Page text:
You Know Forest Projects Will Help in Rebalance the Earth’s Climate

The increment of human activities on earth causes a drastic environmental change on the planet and also increases global warming and due to that many animal and bird populations are under threat. The most important is, the forest is said to be the most useful and best tool for humanity which is responsible for a good climate but deforestation happening around the world causes more pollution and harmful gases in the environment.

Trees give us shade, absorb carbon dioxide, recycle water, and provide habitat to other plants and birds but due to continuing deforestation, these habitats of birds and plants are taken from them. And that is why now the world is taking the initiative to grow more trees, the trillion of trees initiative has been taken to plant in the forest which will help to re-balance the earth’s climate.

As trees follow the process called photosynthesis where plants naturally absorb carbon dioxide gas and release oxygen which is essential for living organisms. But trees can process more things because of the size of their trunks, the root structures, and the green leafy canopy. N India, there are lots of initiatives that have been launched to plant saplings across the country and reduce pollution.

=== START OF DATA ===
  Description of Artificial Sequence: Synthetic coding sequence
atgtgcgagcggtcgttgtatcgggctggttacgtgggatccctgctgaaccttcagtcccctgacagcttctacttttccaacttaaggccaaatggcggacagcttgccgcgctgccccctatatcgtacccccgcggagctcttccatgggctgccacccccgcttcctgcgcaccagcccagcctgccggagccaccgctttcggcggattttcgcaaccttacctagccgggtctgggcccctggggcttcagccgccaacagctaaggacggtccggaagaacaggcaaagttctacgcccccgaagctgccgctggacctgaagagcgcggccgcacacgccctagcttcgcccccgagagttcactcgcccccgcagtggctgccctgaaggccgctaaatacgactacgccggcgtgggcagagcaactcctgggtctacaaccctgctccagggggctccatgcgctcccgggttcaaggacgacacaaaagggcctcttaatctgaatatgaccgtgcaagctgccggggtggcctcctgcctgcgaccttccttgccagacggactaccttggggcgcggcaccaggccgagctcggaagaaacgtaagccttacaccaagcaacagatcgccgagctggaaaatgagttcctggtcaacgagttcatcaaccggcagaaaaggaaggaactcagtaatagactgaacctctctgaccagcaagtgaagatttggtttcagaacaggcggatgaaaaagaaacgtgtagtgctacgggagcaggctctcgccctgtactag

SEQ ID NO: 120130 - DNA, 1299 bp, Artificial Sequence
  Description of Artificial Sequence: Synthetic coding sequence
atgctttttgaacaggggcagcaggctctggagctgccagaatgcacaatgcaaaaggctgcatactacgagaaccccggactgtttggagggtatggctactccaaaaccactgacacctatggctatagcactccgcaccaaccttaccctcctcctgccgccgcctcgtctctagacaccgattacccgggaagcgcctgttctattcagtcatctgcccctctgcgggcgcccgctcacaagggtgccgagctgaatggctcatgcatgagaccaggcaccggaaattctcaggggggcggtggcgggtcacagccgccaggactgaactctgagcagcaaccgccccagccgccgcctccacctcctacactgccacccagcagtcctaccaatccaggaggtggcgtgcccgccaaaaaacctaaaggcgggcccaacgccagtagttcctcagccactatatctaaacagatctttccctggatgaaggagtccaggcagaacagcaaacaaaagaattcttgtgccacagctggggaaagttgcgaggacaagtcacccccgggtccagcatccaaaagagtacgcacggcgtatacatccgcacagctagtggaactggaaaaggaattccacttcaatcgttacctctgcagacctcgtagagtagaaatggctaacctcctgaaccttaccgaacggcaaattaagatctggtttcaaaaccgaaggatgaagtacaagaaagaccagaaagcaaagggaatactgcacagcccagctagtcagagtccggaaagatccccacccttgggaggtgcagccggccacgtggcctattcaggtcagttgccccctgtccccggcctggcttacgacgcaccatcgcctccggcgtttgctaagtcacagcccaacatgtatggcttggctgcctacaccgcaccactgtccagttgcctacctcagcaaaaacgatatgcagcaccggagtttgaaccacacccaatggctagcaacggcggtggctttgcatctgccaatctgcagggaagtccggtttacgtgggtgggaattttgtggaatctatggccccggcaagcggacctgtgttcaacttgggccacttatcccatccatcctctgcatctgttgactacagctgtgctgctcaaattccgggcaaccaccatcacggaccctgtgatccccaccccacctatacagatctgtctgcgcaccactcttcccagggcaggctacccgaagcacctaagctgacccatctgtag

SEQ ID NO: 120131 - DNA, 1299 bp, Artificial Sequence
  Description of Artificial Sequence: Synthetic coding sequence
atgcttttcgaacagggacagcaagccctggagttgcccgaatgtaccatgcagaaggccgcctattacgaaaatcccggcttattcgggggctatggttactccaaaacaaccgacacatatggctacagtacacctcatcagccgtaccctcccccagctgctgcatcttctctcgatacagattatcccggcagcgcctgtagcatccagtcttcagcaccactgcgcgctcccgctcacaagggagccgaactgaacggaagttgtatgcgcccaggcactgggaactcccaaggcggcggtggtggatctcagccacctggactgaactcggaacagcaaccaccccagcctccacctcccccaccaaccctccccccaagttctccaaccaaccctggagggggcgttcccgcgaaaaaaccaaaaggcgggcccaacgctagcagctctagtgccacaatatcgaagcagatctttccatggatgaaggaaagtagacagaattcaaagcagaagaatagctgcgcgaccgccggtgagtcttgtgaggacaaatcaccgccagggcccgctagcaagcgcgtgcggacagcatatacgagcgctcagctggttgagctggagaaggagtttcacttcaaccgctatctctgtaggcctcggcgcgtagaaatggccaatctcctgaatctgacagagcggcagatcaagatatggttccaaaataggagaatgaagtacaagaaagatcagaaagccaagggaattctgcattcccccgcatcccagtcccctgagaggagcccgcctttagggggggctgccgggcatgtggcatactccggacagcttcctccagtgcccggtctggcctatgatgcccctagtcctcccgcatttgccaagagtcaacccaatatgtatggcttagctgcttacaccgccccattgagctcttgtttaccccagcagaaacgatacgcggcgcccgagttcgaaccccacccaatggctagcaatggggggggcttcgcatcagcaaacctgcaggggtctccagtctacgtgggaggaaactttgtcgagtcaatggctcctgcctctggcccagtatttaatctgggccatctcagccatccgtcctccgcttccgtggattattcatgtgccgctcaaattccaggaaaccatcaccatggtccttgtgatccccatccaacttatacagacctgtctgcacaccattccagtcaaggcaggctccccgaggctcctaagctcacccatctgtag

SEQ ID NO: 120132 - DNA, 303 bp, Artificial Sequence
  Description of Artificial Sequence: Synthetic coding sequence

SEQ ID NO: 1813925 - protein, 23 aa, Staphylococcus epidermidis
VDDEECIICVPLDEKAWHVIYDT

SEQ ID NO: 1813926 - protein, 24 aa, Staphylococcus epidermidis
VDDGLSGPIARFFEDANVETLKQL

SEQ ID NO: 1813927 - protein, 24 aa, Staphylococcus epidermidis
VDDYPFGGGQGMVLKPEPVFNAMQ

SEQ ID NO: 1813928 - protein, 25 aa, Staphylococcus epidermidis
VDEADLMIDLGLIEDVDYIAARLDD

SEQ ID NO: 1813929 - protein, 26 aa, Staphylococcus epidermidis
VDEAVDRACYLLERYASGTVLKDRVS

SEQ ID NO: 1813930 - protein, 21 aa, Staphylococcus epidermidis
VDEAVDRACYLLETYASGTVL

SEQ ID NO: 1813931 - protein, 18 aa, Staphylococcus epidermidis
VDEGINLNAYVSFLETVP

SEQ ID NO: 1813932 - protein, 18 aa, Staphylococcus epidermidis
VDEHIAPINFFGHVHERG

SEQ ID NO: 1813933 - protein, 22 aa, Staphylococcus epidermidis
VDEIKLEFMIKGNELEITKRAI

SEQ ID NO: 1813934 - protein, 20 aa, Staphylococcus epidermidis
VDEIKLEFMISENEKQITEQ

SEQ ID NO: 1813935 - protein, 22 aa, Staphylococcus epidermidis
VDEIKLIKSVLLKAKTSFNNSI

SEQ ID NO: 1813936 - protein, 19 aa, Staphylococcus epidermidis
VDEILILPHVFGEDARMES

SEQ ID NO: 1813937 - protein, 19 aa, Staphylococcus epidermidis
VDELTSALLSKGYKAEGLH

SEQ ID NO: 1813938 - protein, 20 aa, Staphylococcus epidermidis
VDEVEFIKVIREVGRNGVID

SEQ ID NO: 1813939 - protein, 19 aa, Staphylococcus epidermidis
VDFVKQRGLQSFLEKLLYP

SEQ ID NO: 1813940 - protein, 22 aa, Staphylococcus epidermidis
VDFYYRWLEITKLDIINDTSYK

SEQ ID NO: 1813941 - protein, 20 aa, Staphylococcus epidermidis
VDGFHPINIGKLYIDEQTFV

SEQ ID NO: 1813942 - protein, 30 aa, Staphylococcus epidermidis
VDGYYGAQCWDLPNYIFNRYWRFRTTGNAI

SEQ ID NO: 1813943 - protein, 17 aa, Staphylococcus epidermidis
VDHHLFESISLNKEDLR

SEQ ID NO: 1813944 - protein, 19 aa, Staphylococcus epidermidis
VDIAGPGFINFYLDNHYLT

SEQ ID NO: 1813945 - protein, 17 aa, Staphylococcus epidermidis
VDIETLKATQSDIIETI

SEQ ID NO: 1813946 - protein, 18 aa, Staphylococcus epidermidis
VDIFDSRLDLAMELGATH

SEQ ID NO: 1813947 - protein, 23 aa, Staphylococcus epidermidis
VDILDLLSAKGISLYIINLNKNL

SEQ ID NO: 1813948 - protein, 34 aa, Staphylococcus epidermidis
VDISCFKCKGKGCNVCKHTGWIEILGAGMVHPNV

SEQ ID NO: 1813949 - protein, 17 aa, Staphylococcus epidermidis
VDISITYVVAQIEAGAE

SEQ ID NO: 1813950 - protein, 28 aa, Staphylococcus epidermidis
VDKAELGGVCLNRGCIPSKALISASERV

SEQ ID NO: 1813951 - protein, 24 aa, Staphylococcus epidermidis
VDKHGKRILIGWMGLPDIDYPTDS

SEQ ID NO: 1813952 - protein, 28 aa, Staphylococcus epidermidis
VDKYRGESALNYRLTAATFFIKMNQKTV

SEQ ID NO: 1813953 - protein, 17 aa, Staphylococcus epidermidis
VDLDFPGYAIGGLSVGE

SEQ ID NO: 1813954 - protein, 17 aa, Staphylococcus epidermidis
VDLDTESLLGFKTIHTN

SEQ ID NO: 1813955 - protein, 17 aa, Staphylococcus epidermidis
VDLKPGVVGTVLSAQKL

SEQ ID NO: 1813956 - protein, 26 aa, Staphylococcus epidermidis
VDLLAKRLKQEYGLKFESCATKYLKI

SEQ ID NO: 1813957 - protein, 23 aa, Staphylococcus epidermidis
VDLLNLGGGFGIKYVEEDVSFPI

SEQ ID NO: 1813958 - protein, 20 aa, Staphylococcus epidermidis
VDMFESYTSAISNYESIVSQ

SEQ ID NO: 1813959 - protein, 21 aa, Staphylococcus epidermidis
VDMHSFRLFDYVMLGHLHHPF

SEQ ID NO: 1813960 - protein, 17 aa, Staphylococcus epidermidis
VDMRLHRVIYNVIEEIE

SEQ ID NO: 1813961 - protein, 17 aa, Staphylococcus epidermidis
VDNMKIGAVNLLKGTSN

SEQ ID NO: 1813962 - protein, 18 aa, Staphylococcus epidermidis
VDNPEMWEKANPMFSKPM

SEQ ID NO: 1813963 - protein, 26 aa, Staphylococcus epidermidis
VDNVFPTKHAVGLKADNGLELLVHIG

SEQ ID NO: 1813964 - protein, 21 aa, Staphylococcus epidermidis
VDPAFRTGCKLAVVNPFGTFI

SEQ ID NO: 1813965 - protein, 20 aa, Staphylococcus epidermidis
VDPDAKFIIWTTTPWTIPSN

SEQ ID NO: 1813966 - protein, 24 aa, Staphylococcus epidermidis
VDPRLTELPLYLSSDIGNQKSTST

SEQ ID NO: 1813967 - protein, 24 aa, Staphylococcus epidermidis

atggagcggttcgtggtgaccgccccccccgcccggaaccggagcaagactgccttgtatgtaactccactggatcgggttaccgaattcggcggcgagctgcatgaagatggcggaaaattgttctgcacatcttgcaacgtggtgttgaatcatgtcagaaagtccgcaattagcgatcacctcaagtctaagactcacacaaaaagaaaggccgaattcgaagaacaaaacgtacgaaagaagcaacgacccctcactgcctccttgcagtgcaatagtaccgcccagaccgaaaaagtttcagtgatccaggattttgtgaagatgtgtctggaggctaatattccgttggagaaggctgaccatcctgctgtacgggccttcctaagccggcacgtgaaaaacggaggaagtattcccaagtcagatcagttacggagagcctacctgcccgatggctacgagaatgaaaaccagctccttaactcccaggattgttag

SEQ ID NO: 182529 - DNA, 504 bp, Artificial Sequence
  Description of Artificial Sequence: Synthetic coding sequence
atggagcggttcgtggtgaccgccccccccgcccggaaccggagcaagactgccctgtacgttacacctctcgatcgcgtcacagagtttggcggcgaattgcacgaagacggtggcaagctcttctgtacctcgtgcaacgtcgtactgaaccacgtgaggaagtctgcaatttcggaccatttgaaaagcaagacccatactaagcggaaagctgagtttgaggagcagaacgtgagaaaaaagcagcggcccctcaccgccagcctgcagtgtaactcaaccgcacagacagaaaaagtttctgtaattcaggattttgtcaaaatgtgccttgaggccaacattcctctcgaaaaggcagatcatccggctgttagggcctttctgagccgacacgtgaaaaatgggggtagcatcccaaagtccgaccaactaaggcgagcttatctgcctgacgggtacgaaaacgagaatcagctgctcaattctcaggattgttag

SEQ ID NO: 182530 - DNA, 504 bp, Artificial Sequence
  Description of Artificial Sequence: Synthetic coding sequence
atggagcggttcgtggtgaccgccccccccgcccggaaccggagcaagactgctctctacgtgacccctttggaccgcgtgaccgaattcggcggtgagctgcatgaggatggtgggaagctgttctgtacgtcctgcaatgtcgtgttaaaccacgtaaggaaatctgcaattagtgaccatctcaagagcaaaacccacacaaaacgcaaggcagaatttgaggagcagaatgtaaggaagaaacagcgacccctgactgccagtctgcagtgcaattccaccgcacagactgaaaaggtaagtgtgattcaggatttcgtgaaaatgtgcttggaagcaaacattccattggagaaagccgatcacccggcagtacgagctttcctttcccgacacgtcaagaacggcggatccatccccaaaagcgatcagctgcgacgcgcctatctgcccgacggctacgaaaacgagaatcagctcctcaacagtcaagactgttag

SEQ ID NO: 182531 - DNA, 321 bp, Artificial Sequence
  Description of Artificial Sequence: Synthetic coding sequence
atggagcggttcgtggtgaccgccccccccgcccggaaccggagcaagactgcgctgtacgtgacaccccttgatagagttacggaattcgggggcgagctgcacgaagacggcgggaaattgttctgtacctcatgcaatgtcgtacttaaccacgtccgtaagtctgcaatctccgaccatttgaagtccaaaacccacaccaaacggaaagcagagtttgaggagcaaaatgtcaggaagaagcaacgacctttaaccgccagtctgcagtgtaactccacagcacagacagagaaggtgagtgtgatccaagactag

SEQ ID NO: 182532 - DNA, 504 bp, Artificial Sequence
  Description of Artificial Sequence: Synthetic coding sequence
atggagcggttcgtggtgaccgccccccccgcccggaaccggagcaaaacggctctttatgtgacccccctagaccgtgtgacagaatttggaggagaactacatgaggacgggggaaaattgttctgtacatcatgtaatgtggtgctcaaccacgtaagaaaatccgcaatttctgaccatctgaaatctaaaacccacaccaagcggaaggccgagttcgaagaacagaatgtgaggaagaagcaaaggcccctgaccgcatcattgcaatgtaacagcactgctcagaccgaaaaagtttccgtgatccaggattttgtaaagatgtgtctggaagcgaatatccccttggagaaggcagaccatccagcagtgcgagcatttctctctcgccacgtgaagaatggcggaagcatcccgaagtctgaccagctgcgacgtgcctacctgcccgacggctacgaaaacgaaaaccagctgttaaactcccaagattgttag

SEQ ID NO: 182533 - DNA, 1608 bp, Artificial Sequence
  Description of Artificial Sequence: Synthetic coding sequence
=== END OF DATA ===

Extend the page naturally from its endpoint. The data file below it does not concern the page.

Forest Projects

The different state has launched a green initiative to grow the plant, The Indian government has allocated $6.2 billion (€5.2 billion) for the tree-planting across the country.
Even more recent projects like Trillion Trees, the World Economic Forum’s 1T, and the UN’s follow-up ‘Great Green Wall for Cities’ highlight tree planting and forest regeneration as the most effective nature-based solution for runaway CO2 emissions.

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1T uses research data that shows that planting nearly one billion hectares (2.2 billion acres) of trees in the right places could remove 25 % of the CO2 from Earth’s atmosphere. Meanwhile, in the USA the Great Green Wall for Cities project would create urban green areas for wider forest restoration across both Africa and Asia. Once the project will complete the wall, it will capture an estimated 0.5-5 billion metric tons of CO2 every year. And, if well managed, the urban forests could also reduce air temperature, lower the risk of flood, and improve air quality by filtering out pollutants from the environment.

The city trees are actually sucking more CO2 out of the atmosphere than was thought. Climate scientists know that forests soak up more than they release by absorbing 30 % of carbon emissions from fossil fuels. But new studies show that outlying forest edges and urban trees grow almost twice as quickly, and store carbon faster, than the trees deep inside the forest.

Projects proposed by a Japanese botanist and are now creating tiny community forests across the planet, using native trees to provide shade, support plants, and animals, and store carbon in city centers.

A researcher at the US Forest Service has studied using trees in urban area settings to sequester carbon for more than 30 years. Trees not only cool their surroundings and filter out CO2, but they also recycle tiny particulate matter pollutants. But apart from the trees that grow quickly, it is the main point to figuring out which exact species work best to improve air quality depending on many factors including soil, local climate, and site conditions.

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